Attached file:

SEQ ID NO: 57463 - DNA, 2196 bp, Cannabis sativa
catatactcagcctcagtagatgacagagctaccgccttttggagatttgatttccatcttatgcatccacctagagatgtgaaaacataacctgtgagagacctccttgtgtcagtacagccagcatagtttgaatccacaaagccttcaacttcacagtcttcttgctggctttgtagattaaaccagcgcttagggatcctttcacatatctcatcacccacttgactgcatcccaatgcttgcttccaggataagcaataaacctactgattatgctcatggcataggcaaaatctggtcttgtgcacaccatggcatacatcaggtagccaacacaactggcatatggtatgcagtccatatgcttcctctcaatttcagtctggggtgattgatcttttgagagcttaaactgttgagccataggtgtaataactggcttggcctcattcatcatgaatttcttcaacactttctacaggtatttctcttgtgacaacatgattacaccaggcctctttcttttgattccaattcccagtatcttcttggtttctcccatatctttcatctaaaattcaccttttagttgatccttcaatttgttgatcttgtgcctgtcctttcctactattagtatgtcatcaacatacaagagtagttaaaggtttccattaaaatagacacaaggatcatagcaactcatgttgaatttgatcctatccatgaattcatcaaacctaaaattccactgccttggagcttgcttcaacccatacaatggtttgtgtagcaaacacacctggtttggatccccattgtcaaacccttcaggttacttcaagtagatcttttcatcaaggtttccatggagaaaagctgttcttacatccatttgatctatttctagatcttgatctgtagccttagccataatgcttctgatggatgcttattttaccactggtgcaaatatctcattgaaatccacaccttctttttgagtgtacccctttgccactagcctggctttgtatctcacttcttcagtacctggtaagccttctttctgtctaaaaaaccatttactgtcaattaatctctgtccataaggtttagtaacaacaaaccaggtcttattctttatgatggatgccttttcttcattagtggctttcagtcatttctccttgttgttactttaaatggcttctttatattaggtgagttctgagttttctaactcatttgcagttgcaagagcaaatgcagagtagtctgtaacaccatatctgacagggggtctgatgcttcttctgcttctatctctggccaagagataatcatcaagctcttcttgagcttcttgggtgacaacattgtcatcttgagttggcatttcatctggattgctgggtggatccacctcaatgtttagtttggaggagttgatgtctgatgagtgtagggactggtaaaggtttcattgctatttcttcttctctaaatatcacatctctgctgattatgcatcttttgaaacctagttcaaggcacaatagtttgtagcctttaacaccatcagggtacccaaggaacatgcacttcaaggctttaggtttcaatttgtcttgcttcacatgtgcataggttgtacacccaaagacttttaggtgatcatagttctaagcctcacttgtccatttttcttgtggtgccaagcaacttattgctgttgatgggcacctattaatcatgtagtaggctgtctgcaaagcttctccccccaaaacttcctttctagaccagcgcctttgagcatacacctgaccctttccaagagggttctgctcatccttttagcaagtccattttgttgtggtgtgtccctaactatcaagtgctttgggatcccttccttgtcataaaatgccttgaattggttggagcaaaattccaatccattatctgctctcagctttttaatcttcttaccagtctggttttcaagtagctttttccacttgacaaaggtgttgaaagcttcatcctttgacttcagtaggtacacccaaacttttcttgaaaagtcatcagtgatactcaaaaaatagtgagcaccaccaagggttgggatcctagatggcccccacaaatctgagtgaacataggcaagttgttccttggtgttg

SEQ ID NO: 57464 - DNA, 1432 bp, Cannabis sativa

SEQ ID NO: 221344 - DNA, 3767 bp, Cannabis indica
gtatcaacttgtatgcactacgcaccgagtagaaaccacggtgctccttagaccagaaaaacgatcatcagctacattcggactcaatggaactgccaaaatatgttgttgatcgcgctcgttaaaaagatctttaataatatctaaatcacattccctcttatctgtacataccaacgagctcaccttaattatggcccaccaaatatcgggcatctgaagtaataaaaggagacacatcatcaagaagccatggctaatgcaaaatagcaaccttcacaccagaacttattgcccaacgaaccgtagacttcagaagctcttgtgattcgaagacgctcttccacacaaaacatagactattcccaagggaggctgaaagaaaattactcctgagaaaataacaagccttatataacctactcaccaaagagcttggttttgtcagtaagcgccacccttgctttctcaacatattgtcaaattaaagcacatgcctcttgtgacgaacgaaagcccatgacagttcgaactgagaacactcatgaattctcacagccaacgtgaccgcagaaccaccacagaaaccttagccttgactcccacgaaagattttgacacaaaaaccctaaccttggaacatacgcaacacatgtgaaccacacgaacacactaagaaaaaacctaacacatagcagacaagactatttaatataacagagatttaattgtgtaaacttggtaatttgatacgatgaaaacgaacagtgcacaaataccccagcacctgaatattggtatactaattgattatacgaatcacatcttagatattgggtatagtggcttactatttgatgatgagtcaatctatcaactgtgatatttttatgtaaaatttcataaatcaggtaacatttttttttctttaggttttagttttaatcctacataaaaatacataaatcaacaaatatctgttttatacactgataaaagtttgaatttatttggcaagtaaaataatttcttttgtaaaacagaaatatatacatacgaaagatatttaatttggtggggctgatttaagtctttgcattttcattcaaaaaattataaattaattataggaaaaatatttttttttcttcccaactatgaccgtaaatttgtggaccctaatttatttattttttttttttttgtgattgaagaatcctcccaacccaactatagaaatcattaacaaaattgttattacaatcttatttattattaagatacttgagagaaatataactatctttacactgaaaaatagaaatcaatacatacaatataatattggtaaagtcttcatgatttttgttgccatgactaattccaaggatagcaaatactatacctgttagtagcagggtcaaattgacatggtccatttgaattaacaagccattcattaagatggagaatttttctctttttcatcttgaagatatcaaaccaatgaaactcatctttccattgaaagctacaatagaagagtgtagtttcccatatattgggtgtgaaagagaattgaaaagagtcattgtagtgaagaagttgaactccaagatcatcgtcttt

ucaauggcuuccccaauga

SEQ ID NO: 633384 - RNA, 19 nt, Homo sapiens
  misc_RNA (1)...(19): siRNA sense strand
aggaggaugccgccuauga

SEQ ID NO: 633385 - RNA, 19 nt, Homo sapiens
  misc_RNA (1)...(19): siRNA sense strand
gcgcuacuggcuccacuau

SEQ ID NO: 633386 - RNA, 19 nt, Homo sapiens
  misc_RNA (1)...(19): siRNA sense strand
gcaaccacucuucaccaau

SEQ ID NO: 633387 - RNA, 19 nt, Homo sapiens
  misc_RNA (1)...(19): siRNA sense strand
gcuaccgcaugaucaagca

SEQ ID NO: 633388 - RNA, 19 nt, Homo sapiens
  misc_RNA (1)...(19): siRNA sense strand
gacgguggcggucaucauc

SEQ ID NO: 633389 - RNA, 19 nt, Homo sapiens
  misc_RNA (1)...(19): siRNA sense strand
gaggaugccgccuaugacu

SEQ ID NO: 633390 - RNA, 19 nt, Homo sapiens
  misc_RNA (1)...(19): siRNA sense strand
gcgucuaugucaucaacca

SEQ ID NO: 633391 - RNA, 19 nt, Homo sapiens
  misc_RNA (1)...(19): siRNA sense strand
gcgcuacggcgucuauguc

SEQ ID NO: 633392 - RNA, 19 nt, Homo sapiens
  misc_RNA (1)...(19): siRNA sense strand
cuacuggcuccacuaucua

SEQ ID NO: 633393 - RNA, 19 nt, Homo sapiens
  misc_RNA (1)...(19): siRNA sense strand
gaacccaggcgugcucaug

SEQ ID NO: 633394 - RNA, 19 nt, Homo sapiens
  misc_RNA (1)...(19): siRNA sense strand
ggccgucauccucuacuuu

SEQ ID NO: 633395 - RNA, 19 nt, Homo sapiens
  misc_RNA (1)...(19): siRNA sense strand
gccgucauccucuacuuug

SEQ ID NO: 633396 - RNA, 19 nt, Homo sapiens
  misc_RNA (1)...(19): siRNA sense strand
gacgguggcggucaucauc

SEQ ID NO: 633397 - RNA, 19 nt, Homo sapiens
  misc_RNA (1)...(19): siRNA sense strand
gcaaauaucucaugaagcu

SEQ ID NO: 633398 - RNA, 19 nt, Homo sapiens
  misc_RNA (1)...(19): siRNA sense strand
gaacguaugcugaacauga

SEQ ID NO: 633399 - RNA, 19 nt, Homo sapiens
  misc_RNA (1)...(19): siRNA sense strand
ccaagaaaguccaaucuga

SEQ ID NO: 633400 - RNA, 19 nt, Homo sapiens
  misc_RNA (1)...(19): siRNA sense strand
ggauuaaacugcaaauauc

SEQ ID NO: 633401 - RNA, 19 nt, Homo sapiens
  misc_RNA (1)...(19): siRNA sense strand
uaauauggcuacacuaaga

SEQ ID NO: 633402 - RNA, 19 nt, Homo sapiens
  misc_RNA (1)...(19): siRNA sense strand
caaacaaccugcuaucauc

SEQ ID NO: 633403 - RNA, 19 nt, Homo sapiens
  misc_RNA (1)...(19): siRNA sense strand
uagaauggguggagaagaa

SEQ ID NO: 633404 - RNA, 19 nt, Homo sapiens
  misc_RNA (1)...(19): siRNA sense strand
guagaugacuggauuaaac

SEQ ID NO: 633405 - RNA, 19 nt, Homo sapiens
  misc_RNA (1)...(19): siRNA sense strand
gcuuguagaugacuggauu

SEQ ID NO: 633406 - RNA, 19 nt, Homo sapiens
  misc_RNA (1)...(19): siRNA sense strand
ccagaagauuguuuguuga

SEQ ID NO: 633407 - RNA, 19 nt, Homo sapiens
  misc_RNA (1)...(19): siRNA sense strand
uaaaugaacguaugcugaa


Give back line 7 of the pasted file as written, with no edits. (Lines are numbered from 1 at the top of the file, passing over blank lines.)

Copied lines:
SEQ ID NO: 633384 - RNA, 19 nt, Homo sapiens